Last week we looked at the Domino sire line. As a few readers have pointed out, Domino represents only one branch of the Himyar (pedigree) bloodline.
Even stepping back in the pedigree and looking at Himyar's larger line, there's only one additional source in most breeding populations, coming through his son Plaudit. Rough'n Tumble (pedigree) looked promising for a while there, with Flag Raiser and Dr. Fager and several other well-regarded sons -- but the only tail-male source widely available now is through Minnesota Mac to Great Above to Holy Bull (on SRO), who is not only active but has some promising sons starting to emerge.
The fact that Himyar has not one but two quality sire lines in America today is quite a feat. For the most part, the Eclipse tail-male bloodline split after his great-grandson Whalebone (pedigree), and that stallion's son Sir Hercules is responsible for most of the sire lines today -- including Teddy and Swynford and all the Phalaris lines (Nasrullah, Bold Ruler, Northern Dancer, Raise a Native, Turn-to, and others). Himyar descended from another Whalebone son, Camel (pedigree), who is distinguished by being the great-great grandson of Eclipse (1764) and the great grandsire of Eclipse (1855) -- just to throw some fun confusion into the mix.
It was the younger Eclipse who sired Himyar's sire Alarm, who crossed with a Lexington (pedigree) mare to produce Himyar. As was the case with so many of the breed-shaping Thoroughbreds from the 1800s, Himyar was the result of masterful inbreeding and linebreeding. He is inbred to the Cerberus Mare (pedigree), who is herself a wonderful example of inbreeding, with crosses to Herod (4x3x4x5), Eclipse (4x4), Tartar (5x5x4x5), Marske (5x4x5), and Blank (5x5) in her five-cross pedigree.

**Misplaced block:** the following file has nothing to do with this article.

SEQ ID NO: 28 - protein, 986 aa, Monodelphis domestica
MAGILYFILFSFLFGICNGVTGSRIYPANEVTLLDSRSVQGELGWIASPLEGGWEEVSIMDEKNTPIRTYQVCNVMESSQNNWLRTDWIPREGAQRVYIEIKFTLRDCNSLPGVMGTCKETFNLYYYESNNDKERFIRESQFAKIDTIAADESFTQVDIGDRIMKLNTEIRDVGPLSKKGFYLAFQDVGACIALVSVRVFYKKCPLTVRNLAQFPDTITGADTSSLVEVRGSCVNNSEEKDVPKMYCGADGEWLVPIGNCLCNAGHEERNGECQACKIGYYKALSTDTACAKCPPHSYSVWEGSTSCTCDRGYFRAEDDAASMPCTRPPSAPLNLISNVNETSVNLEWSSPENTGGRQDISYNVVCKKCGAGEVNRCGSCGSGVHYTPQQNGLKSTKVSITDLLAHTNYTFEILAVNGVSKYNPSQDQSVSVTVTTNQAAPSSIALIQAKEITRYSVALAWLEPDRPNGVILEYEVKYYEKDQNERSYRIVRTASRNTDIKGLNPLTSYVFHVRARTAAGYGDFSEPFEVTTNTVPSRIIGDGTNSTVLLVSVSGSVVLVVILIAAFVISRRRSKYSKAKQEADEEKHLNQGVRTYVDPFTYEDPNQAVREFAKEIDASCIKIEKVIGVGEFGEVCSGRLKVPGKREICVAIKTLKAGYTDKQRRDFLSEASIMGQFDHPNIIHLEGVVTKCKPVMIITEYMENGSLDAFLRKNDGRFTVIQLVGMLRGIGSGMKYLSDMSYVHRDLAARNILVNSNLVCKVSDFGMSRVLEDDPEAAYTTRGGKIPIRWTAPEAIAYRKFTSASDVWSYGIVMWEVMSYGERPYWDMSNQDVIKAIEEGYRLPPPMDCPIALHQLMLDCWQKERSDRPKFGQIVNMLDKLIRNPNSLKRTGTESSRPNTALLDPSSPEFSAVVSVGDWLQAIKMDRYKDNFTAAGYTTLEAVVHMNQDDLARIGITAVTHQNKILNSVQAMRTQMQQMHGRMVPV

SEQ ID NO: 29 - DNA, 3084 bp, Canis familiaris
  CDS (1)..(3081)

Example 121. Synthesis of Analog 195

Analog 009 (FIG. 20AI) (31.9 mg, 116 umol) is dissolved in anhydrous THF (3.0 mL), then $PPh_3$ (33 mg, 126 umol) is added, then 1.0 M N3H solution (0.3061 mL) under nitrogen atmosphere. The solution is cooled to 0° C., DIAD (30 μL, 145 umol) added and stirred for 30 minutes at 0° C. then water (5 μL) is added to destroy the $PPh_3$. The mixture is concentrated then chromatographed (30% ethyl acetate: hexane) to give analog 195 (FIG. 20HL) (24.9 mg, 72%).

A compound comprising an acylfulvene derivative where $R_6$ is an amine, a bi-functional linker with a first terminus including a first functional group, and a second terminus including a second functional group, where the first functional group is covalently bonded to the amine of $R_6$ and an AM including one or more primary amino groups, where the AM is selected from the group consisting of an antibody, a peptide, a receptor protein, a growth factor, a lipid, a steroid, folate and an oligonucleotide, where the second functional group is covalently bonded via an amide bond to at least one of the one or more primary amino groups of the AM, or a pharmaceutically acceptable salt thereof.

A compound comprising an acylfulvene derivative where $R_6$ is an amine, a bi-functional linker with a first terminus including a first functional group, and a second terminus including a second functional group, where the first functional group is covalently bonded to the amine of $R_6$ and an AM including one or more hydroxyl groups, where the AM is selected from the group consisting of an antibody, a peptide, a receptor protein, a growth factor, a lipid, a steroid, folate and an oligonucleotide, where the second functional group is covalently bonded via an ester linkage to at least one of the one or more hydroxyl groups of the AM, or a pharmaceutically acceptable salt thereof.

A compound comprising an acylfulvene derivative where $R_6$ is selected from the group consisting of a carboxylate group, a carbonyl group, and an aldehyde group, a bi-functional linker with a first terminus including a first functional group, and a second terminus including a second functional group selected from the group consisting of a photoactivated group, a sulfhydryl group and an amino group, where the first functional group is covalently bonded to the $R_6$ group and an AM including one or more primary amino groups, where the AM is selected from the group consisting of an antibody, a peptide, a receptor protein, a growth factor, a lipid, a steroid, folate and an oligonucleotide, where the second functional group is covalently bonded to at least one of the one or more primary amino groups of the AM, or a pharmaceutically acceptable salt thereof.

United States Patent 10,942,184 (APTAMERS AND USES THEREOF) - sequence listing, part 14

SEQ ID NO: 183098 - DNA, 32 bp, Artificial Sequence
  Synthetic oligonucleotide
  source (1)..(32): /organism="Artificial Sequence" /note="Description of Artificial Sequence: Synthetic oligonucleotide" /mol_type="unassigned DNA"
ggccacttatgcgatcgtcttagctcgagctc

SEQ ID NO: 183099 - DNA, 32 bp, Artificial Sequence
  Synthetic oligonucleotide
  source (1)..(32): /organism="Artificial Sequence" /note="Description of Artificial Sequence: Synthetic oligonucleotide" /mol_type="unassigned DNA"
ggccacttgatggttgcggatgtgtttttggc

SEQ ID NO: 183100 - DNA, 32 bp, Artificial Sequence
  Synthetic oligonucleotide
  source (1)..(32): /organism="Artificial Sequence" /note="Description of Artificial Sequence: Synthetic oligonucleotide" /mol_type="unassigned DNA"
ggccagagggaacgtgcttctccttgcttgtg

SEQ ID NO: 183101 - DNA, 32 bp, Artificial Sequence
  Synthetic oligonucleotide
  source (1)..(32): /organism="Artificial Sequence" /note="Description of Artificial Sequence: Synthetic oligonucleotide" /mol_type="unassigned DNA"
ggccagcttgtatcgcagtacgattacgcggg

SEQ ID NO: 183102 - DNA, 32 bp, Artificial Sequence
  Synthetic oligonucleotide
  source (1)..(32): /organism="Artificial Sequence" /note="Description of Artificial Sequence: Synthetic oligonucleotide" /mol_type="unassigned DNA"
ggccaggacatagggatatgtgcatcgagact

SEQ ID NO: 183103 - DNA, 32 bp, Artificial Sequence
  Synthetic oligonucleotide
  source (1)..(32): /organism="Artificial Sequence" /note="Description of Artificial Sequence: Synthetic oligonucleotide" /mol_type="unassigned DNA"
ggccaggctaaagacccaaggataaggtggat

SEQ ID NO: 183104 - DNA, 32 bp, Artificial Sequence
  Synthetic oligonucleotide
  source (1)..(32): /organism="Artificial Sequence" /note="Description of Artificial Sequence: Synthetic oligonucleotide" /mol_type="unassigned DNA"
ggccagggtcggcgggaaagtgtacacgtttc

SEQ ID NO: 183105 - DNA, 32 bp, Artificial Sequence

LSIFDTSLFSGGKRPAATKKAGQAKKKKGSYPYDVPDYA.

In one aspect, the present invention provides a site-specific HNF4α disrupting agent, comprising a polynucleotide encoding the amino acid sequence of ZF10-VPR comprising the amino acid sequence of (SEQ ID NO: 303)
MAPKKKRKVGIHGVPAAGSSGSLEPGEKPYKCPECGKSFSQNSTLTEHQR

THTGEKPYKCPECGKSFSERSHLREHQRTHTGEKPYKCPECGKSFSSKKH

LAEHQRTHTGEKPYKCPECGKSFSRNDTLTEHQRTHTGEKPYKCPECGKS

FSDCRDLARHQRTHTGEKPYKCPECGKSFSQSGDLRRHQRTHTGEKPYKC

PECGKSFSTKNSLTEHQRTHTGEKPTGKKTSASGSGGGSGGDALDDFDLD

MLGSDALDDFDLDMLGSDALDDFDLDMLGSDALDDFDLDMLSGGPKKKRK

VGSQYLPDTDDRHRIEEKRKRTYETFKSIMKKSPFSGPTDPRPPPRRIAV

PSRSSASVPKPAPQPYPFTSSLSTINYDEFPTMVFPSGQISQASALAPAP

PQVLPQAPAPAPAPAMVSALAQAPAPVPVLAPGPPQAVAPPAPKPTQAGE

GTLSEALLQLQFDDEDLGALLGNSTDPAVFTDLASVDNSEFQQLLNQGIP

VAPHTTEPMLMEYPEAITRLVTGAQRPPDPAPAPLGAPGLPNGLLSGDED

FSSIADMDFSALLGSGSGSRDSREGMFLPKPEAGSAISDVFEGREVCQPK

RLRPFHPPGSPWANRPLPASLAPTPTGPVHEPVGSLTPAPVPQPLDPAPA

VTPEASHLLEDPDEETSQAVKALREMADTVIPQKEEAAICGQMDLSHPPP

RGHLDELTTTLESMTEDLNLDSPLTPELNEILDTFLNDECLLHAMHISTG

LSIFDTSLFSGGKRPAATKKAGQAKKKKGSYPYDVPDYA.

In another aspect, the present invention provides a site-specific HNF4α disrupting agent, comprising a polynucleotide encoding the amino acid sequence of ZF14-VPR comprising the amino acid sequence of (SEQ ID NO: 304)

(Eclipse's blood survives through King Fergus (pedigree) as well; we'll explore that stallion's line some time soon.)
So, when Himyar was 20, he sired Plaudit, who is the ninth sire of Holy Bull. Holy Bull was one of those horses who didn't play around on the track: his record was 13 wins from 16 starts and earnings of nearly $2.5 million. And those 13 wins weren't cake walks, either -- they included six grade I trips, three grade IIs, and a couple of additional stakes. He won races as long as a mile and a quarter (the grade I Travers in 1994) and as short as a 5-1/2 furlongs (his MSW as a 2-year-old), and earned Horse of the Year honors in 1994 despite an uncharacteristically poor performance in that year's Kentucky Derby.
When he retired, racing lost one of its fiercest competitors. Who knew his best was yet to come?
As a sire, Holy Bull has an impressive 70 stakes horses from 519 starters and 354 winners, including 13 graded winners and $32.6 million in progeny earnings. He outperforms most sires in 2-year-old progeny -- both starters and earnings -- a fact that is certainly a factor in his nearly-$72,000 lifetime yearling average, which is 1.45 times the national average.
Holy Bull has sons standing in California, Iowa, Kentucky, New York, Pennsylvania, Texas, and West Virginia, as well as in Ontario. (For a list of his most commercial sons, type "Holy Bull" in the "Sire of Stallion" field of the Stallion Register Online's advanced search.)
Between Broad Brush and Holy Bull and their sons, the Himyar line appears to have a couple of good opportunities to carry on; their blood becomes more and more valuable to breeders seeking diversity as other sire lines become non-viable.
... And now, readers, it's your turn to comment. Do you have any special memories of Holy Bull or Broad Brush or their sons (and daughters)? Are you a fan of these or other "rare" sire lines? Who would you like to see profiled in the future?